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How painful is death from respiratory failure?

How painful is death from respiratory failure?

It varies: If you see people who are drowning, they really struggle at the beginning. People who develop resp failure from sepsis or copd, they suffer initially, but as the co2 rises it serves as a narcotic and we see them gasping but probably not suffering once consciousness wanes. But acute resp failure from any cause makes someone struggle. So please don't do anything bad. ...Read more

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Whats hemolytic disease of newborn?

Different blood type: Hemolytic disease of newborn is caused by different blood types in mom and baby. Classically, mom is rh negative (a- or o-, etc). The baby is rh positive. Mom then make rh antibodies that cross over to the baby and cause breakdown of the red blood cells. This can make the baby very sick. ...Read more

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What are causes of jaundice in neonatals?

Jandice: Jaundice is common and occurs in about 60 percent of newborns, more so in premies. The most common cause is physiologic, meaning due to normal changes. Then infections, blood incompatible with mothers, rare blood disorders like enzyme deficiencies or liver disorders. Most important is to know the kind of jandice - direct or indirect is elevated. There are other reasons for rare indirect. ...Read more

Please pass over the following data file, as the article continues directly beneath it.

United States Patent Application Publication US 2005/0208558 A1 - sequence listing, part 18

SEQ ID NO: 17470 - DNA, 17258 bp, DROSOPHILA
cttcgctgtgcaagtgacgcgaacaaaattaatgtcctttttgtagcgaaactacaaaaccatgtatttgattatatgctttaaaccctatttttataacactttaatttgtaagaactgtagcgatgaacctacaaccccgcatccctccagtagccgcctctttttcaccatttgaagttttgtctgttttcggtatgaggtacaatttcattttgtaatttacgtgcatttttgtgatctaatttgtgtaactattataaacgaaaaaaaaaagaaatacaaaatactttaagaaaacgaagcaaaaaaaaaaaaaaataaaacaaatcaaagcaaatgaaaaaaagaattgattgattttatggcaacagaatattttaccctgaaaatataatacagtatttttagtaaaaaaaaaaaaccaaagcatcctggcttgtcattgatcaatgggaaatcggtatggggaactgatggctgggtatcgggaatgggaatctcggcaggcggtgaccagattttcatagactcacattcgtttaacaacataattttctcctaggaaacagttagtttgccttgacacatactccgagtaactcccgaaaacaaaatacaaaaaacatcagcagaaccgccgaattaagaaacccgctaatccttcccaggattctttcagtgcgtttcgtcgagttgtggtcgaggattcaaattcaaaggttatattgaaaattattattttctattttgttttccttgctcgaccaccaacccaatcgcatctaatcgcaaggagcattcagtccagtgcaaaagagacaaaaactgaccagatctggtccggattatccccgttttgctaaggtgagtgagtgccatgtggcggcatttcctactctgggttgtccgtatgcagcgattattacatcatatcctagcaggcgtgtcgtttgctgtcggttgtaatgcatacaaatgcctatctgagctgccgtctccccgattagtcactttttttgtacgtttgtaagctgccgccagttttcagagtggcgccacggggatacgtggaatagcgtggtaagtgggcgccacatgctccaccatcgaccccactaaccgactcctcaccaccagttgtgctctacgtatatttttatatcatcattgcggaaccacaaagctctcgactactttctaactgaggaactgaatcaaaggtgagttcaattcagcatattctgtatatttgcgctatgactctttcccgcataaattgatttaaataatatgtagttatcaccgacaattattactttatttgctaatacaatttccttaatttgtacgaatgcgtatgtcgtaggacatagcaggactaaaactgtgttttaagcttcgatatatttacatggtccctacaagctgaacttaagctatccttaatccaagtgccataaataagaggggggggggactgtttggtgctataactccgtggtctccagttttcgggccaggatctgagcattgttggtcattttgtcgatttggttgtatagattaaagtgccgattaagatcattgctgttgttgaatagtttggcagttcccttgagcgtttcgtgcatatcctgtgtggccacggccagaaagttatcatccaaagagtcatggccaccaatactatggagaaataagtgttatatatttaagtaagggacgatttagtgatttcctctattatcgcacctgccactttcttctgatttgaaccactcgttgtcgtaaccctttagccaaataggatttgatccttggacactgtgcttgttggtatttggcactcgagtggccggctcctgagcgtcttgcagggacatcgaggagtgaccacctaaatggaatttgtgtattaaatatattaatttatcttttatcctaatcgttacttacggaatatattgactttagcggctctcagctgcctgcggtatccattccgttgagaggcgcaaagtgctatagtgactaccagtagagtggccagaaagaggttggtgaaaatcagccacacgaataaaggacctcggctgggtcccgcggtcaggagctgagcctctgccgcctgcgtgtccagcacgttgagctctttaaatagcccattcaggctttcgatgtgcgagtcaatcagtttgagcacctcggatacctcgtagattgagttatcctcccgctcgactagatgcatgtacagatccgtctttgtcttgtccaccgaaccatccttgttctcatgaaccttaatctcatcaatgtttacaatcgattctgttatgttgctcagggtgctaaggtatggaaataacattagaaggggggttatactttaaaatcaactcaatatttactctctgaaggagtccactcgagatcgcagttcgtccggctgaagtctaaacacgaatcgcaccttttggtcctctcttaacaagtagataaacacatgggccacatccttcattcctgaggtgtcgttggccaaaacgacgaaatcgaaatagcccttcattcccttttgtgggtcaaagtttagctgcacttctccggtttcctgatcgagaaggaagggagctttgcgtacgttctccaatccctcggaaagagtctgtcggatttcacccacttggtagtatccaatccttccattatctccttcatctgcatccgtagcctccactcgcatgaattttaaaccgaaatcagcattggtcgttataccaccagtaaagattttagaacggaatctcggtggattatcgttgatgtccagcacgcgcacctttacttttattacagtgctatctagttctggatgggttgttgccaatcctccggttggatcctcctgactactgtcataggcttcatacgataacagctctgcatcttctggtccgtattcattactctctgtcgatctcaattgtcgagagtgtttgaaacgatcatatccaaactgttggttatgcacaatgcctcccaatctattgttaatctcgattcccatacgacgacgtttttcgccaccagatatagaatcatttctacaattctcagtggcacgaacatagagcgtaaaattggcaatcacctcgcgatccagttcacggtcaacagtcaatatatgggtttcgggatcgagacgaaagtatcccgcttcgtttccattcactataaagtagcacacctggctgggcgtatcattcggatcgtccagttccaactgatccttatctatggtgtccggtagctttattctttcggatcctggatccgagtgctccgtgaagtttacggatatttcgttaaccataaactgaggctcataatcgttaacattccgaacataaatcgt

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What babies are at risk of developing the neonatal respiratory distress syndrome?

What babies are at risk of developing the neonatal respiratory distress syndrome?

Resp. distress syndr: Its caused by deficiency of surfactant that lines the airways&lung immaturity. From baby being premature vs genetic protein def. Varies in severity form baby to baby & some may require ventilatory support. Depends on gestational age from about 50% in babies born at 26–28 weeks, to about 25% at 30–31 weeks. Is more frequent in infants of diabetic mothers & in the second born of premature twins. ...Read more

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Liver inflammation with partying after jaundice from hep a gone?

Liver inflammation with partying after jaundice from hep a gone?

Alcoholic hepatitis: Even though the jaundice was gone your liver may not have recovered completely from hep a, and adding the insult of alcohol could have caused inflammation. If you abstain, you should recover. Do not take tylenol (acetaminophen) either. It would be a good idea for you to abstain from alcohol. ...Read more

Jaundice (Definition)

Jaundice is the accumulation in the body of bilirubin. Normally it is excreted by the liver, via the bile. For a lot of different reasons, sometimes the bilirubin can accumulate. The most common reasons are a problem with the liver or the bile duct. This can make the skin and/or the whites of the eyes turn yellow. If this occurs, see your ...Read more


Dr. Suzanne Galli
29 doctors shared insights

Neonatal (Definition)

The term neonatal is generally used to describe events that occur with an infant within the first 30 days after birth.Some practitioners are looser with the definition & extend the ...Read more